Marketing & Media trends
#BizTrends2023: If you want to win over Gen Z, be an unapologetic brand
I started writing this column with the title Why brands that do not adjust to a polarised world will perish in 2023, but then I figured that it was perhaps too exaggerated.
Such brands will live in a state of vegetation, clinging on to dear life and hoping for a miracle to happen. We have lived in a world of shades of gray for many decades.
While a gray world is good because people relate to one another’s pains and compromise their stances for the benefit of society, it is not the world we live in today!
Brands need to realise that and must tune their marketing strategies to fit into the world of black and white that we live in. This means your brand must become unapologetically clear on its stance or become irrelevant.
The role of deep polarisation
Donald Trump startled the world of politics in 2016 when he emerged as the first person ever elected president of the US who had no government or military experience.
While previous presidents attempted to unite the country after transitioning from the campaign trail to the White House, Trump's outspoken nature and commitment to fundamentally alter past customs and expectations of presidential behavior became a source of deep partisan divisions.
According to a 2019 poll by Pew Research, 71% of Democrats who were single and looking for love declared that they would undoubtedly or probably not accept being involved in a serious relationship with someone who voted for Trump in 2016.
Our polarised world is going nowhere, for now, as CBS News put it in their article Social media's role in America's polarized political climate: “Now, leading voices in academia and tech are saying that rather than simply reflecting the polarisation in society, platforms like Facebook and Twitter are helping to create it.”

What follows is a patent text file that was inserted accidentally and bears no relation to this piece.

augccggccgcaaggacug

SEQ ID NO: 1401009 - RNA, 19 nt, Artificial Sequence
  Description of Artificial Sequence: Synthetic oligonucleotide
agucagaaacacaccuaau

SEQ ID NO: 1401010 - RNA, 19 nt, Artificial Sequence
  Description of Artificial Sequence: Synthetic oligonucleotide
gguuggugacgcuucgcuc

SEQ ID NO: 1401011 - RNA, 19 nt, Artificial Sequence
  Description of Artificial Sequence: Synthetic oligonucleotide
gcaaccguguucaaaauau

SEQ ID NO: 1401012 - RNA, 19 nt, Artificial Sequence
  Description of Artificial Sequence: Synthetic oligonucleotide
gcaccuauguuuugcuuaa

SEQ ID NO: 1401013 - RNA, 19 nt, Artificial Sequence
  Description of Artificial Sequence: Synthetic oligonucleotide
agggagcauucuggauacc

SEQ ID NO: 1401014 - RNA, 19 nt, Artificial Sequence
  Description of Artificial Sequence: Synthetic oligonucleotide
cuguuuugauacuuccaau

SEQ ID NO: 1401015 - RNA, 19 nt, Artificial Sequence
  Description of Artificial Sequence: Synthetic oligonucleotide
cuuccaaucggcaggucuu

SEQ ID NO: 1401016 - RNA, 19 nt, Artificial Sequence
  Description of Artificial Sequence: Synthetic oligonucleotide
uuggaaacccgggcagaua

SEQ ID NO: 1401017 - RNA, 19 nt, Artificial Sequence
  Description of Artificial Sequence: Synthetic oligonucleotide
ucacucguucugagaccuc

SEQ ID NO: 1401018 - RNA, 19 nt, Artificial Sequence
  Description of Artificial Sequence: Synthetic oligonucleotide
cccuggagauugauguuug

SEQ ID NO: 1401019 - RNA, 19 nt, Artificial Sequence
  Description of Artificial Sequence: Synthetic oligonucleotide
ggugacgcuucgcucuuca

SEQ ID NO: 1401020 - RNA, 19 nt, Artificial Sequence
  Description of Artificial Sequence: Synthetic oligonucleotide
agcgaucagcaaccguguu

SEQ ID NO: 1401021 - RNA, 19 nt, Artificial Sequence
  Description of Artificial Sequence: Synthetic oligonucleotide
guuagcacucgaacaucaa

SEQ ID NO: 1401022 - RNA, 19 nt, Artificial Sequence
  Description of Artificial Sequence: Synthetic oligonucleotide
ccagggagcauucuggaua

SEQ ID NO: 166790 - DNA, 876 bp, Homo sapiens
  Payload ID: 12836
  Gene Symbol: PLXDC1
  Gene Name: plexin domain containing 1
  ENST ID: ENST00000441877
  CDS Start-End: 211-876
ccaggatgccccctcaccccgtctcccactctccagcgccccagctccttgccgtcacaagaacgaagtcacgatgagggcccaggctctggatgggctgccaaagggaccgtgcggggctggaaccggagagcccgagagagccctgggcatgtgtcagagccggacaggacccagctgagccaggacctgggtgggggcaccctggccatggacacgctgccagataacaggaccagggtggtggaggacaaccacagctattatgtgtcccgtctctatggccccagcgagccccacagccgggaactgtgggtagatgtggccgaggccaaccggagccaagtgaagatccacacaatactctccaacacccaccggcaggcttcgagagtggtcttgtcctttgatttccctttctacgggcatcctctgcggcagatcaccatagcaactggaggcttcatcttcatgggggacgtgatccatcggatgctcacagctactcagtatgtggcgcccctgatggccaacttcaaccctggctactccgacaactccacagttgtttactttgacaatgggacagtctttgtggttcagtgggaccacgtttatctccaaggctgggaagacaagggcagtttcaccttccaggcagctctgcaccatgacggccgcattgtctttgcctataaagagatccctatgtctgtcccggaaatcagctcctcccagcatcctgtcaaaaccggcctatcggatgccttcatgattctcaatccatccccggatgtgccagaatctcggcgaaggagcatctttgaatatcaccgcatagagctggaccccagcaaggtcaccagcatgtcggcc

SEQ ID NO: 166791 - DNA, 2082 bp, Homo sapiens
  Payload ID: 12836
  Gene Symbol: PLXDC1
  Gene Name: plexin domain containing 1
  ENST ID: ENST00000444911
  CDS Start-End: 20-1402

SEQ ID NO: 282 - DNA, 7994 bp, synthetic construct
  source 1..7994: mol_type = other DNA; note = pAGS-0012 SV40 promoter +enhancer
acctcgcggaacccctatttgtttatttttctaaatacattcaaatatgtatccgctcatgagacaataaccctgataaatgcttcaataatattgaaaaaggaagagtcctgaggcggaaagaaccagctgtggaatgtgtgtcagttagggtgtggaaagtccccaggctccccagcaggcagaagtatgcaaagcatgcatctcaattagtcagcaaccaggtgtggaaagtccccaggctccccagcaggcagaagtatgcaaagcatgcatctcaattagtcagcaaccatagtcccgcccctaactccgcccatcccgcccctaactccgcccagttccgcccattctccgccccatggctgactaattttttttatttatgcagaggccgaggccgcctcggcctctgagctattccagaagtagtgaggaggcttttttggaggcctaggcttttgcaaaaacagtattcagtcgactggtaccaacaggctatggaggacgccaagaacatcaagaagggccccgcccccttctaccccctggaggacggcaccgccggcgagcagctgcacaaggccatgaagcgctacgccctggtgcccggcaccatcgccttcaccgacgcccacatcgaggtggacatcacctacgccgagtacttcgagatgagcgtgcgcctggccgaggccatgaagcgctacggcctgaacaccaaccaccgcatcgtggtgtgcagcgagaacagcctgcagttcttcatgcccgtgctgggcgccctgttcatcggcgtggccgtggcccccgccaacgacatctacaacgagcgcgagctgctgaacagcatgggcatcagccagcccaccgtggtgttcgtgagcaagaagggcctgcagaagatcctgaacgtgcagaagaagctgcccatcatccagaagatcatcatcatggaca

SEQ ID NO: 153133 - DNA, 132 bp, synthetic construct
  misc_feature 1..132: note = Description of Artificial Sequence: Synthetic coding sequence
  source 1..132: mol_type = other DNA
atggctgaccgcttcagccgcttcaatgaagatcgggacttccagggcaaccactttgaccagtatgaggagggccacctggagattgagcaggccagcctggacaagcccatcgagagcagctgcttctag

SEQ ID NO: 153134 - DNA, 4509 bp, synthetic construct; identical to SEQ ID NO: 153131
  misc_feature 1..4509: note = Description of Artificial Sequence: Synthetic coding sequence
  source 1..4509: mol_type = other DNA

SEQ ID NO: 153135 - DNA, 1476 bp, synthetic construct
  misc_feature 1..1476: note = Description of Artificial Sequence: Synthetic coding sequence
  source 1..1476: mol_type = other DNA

The issue is reinforced by the fact that those with partisan attitudes are more likely than others to receive information from and be swayed by media outlets that share their ideological perspectives in a fragmented and polarised media environment.
The role of Gen Z
From a business point of view Gen Z, a generation born between 1997 to 2012, will be the largest generation and most ethnically diverse at around 82 million strong.
Put in dollars, Gen Z has $360bn to spend, and winning over the so-called “elusive generation” is vital for your business’s future relevance.
Aligning your brand purpose with their values is a prerequisite for them to even start considering your brand. They are looking for your communication to reflect their values and aspirations.
Brands that stand up and participate in social issues and social change that are important to them will win them over. What they require from you is action and authenticity and they hate purpose washing.
How to catch Gen Z’s attention
- Add purpose to your branding’s DNA and make sure you are authentic and pragmatic about it.
- More than half of Gen Z’ers prefer saving money instead of spending it so make sure you sell real value to this budget-conscious generation.
- With average attention at eight seconds, you must create clear straight-to-the-point content. Short videos work tremendously well with Gen Z.
The list is much longer but these are the most important aspects that you will need to keep in mind when marketing to this purpose-driven audience with point #1 being the most important.
Whether your brand stays relevant is highly dependent on taking a stance and showing your values to today’s main audience and creating a continuation of the same for tomorrow’s main audience (Gen Z). If your brand does not wake up to this reality it will be crushed by its competitors that do so and do so unapologetically.